My eyes widened. This man had the audacity to be concerned about our health when there was a man possibly dying right behind him. We may not have the spine to face the consequences of our own actions but I did not expect this from Lahore’s finest. I expected to be thrashed and jailed.
“Gee hum bilkul theek hain,” said Kamil, very slowly and coherently.

(Yes, we are completely fine.)

He was waiting for the officer to lead the conversation.
“Lekin aik banda shaid halak ho gaya hayIska case to banaygaAap ko hamaray saath thaanay aana parhay ga.”

(But I think a man has died back there. We’ll have to report this case. You will have to come with us to the police station.)

My heart sank. This was it.
“Case bananay ki koi zaroorat hay sir?” Kamil asked, as if enquiring upon the price of a jacket in a shop.

(Do we really need to report a case about this sir?)

While he spoke, never breaking eye contact with the man, he pulled out his cell phone and began to fiddle with the keypad as he spoke to the officer.

The policeman eyed the cell phone for a split second before returning his gaze to Kamil and saying,
“Sirghareeb banda tha. Lekin hamari duty hay kay case banayain.”

(Sir, he was a poor man. But it is our duty to report the case.)

Kamil reached into his breast pocket and pulled out a thick wad of cash and began counting notes. I remained silent and utterly confused as I watched the officer greedily eye the cash. It was as if their eye contact led to a silent negotiation while they spoke.

Kamil handed the man a sizable chunk of the original wad. He handed the rest of the money to me as he diverted his attention to the police officer who was discretely counting the cash.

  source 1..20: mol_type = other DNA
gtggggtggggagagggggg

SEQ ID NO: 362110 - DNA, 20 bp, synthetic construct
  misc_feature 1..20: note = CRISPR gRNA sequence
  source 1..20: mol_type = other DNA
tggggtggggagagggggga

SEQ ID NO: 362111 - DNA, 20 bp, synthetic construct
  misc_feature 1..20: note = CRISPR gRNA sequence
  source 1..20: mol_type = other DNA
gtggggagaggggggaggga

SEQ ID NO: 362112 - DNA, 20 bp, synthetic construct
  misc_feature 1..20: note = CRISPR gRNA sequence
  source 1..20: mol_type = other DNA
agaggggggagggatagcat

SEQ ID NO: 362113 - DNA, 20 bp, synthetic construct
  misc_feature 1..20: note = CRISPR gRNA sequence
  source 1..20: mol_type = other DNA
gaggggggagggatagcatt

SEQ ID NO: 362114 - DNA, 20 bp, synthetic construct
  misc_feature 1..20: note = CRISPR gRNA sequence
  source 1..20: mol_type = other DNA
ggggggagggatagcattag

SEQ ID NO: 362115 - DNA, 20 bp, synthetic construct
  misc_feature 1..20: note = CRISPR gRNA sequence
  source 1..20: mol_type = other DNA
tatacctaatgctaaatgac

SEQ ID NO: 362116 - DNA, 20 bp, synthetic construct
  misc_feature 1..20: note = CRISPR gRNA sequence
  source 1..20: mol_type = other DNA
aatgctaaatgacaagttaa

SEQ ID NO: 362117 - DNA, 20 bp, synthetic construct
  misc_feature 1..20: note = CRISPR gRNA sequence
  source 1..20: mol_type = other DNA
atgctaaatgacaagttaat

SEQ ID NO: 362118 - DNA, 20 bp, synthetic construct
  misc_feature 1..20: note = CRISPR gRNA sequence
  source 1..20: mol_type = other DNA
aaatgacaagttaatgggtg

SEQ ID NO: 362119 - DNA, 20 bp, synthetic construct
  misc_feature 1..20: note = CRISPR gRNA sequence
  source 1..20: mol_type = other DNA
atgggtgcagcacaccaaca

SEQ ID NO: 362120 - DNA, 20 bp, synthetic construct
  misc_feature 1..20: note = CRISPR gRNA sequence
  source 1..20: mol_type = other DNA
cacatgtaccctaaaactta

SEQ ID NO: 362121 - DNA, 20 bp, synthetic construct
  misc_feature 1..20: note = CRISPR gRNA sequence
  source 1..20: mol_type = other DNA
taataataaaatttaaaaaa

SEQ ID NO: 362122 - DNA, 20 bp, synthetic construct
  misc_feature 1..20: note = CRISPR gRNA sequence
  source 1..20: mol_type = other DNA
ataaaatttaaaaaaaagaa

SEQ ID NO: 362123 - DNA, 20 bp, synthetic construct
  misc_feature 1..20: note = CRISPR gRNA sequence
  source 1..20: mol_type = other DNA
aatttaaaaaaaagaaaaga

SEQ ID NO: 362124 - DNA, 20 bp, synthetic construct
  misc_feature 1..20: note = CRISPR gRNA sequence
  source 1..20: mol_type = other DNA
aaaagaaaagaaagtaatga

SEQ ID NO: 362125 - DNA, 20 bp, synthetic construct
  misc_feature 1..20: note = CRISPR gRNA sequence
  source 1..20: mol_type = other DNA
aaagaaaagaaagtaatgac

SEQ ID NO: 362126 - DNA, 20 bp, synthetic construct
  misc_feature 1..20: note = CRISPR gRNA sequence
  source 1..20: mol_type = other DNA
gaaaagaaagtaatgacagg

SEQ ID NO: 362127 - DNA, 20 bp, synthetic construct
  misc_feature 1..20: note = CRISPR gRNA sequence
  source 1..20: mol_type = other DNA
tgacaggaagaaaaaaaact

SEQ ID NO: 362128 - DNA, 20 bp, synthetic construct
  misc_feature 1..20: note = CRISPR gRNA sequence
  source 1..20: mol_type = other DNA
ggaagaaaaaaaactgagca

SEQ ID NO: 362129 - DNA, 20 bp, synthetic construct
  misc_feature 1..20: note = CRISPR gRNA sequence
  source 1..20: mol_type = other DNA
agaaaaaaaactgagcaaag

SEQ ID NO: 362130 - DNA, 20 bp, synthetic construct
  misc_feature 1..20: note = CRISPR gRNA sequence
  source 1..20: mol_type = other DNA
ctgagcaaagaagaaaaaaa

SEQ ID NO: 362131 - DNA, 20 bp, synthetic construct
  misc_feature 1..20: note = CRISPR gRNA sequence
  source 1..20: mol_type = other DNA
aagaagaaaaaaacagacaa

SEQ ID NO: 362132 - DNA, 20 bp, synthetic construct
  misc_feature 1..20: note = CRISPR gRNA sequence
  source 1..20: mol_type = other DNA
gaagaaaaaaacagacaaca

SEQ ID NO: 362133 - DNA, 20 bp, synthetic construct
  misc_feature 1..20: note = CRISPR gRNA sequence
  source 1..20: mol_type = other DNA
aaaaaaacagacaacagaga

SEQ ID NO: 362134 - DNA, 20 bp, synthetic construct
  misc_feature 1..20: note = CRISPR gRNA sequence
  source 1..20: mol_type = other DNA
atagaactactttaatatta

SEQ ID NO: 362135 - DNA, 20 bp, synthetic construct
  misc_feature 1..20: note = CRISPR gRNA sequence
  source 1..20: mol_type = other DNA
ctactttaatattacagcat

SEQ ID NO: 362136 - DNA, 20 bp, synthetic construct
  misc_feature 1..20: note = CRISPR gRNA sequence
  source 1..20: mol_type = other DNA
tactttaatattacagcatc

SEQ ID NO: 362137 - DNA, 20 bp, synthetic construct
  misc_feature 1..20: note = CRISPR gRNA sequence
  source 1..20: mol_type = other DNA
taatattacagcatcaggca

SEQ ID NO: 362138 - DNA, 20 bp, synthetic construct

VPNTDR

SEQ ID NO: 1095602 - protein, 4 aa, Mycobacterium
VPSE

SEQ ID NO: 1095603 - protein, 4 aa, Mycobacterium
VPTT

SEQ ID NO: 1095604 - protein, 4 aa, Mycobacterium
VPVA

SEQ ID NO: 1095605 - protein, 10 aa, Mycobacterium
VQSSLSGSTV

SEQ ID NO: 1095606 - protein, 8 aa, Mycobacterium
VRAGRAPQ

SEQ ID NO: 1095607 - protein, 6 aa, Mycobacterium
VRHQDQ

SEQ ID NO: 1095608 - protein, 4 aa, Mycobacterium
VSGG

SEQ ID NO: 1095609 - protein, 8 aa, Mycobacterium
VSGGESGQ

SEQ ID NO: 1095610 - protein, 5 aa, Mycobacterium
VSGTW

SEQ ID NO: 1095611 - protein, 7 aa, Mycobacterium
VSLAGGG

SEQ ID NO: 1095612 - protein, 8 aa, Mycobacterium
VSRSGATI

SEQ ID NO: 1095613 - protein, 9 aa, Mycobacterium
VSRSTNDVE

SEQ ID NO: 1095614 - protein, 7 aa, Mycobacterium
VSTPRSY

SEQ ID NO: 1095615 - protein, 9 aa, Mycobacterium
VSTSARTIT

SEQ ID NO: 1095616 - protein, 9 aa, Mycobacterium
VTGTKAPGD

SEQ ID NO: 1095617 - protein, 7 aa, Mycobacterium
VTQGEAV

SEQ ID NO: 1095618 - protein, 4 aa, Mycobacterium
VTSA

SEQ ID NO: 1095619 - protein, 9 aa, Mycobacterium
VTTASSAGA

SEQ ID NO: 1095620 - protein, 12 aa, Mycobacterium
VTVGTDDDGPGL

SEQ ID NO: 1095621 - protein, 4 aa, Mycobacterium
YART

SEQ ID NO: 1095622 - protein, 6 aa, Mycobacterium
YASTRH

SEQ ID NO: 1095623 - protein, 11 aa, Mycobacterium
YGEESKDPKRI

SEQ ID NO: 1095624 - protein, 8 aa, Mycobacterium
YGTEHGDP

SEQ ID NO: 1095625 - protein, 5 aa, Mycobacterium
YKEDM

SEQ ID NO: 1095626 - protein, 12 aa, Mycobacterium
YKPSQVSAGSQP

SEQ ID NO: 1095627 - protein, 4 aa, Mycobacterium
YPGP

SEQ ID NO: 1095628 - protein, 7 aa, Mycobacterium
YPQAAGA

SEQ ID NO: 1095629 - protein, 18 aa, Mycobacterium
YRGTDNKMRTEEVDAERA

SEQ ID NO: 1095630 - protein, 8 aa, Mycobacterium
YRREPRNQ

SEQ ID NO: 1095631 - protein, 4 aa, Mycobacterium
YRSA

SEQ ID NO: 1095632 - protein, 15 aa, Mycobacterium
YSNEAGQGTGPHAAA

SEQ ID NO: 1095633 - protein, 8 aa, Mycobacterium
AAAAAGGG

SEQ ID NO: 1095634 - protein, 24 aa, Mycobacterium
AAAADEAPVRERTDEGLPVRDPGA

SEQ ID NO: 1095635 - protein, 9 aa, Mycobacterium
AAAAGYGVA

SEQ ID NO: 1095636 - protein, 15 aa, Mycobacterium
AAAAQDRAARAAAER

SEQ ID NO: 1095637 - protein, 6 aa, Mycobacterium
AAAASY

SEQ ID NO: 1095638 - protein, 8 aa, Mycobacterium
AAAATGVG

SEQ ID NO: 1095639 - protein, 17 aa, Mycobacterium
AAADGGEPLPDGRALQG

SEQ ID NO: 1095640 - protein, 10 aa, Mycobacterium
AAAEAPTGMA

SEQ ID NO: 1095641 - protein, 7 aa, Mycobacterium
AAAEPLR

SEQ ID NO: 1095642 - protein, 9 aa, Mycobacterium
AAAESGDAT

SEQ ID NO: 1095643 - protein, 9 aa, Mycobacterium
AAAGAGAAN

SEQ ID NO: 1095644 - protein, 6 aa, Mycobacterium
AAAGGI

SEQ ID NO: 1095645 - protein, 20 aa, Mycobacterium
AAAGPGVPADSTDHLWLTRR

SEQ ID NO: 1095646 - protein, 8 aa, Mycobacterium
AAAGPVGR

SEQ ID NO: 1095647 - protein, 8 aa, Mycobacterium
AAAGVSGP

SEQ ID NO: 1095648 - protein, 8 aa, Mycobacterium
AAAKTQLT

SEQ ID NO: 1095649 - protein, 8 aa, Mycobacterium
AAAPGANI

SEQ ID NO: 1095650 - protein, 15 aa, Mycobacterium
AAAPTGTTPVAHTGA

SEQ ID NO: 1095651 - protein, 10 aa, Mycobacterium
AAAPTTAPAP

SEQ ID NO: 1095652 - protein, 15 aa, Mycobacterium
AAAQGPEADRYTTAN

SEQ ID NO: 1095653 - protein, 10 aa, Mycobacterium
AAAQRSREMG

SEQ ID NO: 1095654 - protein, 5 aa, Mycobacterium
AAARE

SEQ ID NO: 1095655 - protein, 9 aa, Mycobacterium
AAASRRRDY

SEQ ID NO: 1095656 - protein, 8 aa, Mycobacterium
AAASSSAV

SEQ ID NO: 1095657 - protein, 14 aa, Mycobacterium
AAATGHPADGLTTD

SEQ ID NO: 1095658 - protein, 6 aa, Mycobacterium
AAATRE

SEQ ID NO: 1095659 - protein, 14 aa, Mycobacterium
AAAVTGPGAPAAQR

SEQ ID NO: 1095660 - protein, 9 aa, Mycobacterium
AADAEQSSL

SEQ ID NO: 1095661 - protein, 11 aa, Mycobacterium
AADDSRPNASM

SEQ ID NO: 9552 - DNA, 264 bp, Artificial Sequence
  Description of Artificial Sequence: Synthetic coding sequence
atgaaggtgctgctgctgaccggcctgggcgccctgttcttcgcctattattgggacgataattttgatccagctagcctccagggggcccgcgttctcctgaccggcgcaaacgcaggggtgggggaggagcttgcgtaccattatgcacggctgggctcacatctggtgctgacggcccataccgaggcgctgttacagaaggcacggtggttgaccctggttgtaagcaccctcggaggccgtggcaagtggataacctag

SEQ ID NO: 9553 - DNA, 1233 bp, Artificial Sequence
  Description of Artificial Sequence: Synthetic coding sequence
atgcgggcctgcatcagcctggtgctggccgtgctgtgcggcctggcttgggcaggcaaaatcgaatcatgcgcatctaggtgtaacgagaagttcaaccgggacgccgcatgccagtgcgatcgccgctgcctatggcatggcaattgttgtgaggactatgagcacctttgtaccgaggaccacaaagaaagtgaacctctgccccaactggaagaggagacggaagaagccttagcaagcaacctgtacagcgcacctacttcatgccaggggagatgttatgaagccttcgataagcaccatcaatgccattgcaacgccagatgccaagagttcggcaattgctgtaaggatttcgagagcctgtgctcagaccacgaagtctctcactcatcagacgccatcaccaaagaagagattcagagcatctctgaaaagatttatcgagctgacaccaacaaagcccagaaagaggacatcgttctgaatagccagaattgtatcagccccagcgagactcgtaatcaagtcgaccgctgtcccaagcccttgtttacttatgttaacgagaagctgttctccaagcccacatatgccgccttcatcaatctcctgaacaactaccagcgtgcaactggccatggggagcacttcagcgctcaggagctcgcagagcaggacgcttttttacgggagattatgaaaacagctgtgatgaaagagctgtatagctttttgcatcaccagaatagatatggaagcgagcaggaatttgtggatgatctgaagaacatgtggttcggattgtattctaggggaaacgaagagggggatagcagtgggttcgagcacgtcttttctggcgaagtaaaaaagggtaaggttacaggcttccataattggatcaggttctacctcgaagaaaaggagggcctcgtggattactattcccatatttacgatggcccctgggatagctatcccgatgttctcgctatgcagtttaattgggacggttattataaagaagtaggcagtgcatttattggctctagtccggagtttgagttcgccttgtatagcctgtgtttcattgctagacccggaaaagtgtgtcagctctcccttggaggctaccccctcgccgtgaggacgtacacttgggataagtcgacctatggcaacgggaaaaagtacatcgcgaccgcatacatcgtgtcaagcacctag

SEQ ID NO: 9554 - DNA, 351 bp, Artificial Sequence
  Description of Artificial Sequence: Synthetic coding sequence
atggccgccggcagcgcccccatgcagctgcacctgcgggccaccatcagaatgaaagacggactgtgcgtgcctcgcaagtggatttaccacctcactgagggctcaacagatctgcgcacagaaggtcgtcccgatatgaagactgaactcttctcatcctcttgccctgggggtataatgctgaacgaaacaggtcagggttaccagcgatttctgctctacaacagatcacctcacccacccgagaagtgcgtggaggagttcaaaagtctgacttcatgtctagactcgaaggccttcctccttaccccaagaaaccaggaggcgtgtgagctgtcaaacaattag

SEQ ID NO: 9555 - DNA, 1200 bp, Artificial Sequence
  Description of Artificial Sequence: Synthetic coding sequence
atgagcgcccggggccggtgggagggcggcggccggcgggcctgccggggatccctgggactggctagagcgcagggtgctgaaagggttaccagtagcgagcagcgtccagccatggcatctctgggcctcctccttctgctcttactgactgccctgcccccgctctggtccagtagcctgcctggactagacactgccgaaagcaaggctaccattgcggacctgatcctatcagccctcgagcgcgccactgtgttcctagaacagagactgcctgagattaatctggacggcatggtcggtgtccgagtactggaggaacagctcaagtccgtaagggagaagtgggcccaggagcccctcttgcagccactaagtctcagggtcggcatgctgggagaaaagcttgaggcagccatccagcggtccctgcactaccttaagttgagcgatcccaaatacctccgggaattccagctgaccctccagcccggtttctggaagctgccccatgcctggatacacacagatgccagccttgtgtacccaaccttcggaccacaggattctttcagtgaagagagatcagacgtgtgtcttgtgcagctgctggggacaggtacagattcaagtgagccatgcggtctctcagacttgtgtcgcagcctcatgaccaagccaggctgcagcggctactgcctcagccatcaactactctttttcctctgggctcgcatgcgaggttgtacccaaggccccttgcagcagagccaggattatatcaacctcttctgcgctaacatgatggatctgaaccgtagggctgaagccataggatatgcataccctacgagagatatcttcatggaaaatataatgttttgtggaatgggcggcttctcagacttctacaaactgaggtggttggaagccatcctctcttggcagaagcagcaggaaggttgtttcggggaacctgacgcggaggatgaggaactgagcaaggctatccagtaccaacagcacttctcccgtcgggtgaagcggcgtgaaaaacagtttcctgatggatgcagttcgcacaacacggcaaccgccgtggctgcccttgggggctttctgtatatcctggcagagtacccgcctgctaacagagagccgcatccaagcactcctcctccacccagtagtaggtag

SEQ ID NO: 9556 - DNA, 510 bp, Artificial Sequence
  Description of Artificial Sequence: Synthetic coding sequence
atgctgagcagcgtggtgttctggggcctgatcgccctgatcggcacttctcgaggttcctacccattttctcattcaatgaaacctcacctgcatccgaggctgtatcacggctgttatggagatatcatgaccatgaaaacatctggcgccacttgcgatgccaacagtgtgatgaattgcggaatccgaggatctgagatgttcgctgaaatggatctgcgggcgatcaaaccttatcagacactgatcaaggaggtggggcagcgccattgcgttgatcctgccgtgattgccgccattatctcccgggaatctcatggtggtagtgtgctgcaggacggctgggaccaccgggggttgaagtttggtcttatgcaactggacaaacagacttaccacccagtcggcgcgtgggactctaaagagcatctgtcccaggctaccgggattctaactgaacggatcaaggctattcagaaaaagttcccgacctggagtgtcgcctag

“Theek hay ab, sir?” Kamil asked.

(Is it alright now, sir?)

“Jee sir jee. Hum dekhlain gay. Aap jayiye.

(Yes sir. We’ll handle it here. You can go.)

Kamil smiled and nodded, rolling up his windows. He then took the remaining cash from me, and began grinning.
“What just happened?” I asked.

My senses were returning but I could not quite breathe a sigh of relief.
“No jail. No problem. Just get us out of here as fast as you can. We don’t want to be seen here for a while now.”

I complied, restarting the engine. We grimaced as the side of the car screeched and made contact with the railing but soon enough we rejoined the traffic on the road. I tried looking at the man I had hit in the rear-view mirror but the crowd around him was too large to see anything.

Tahir’s story

There is a bit of time between the afternoon prayer and the evening prayer when Baji takes a nap. Since there is nobody to tend to, I find myself walking the busy streets around the house. Sometimes I even walk to the market and buy cigarettes if I so wish. Today was one of those days where I desperately wanted my fix but knew that I could simply get none until the start of the next month.

Walking towards the edge of the residential block, the bustling market was in sight. Something that I still have trouble dealing with is the large number of cars, vans, trucks, motorbikes, rickshaws, and horse-drawn carriages which occupy the streets at any given time.

The heavy traffic has indeed taken a toll on the roads themselves. Years of heavy usage had left most of the roads, even in affluent areas, cracked and worn from every angle imaginable. However, this is no obstacle for commuters as they know exactly where the potholes are and how to get themselves across.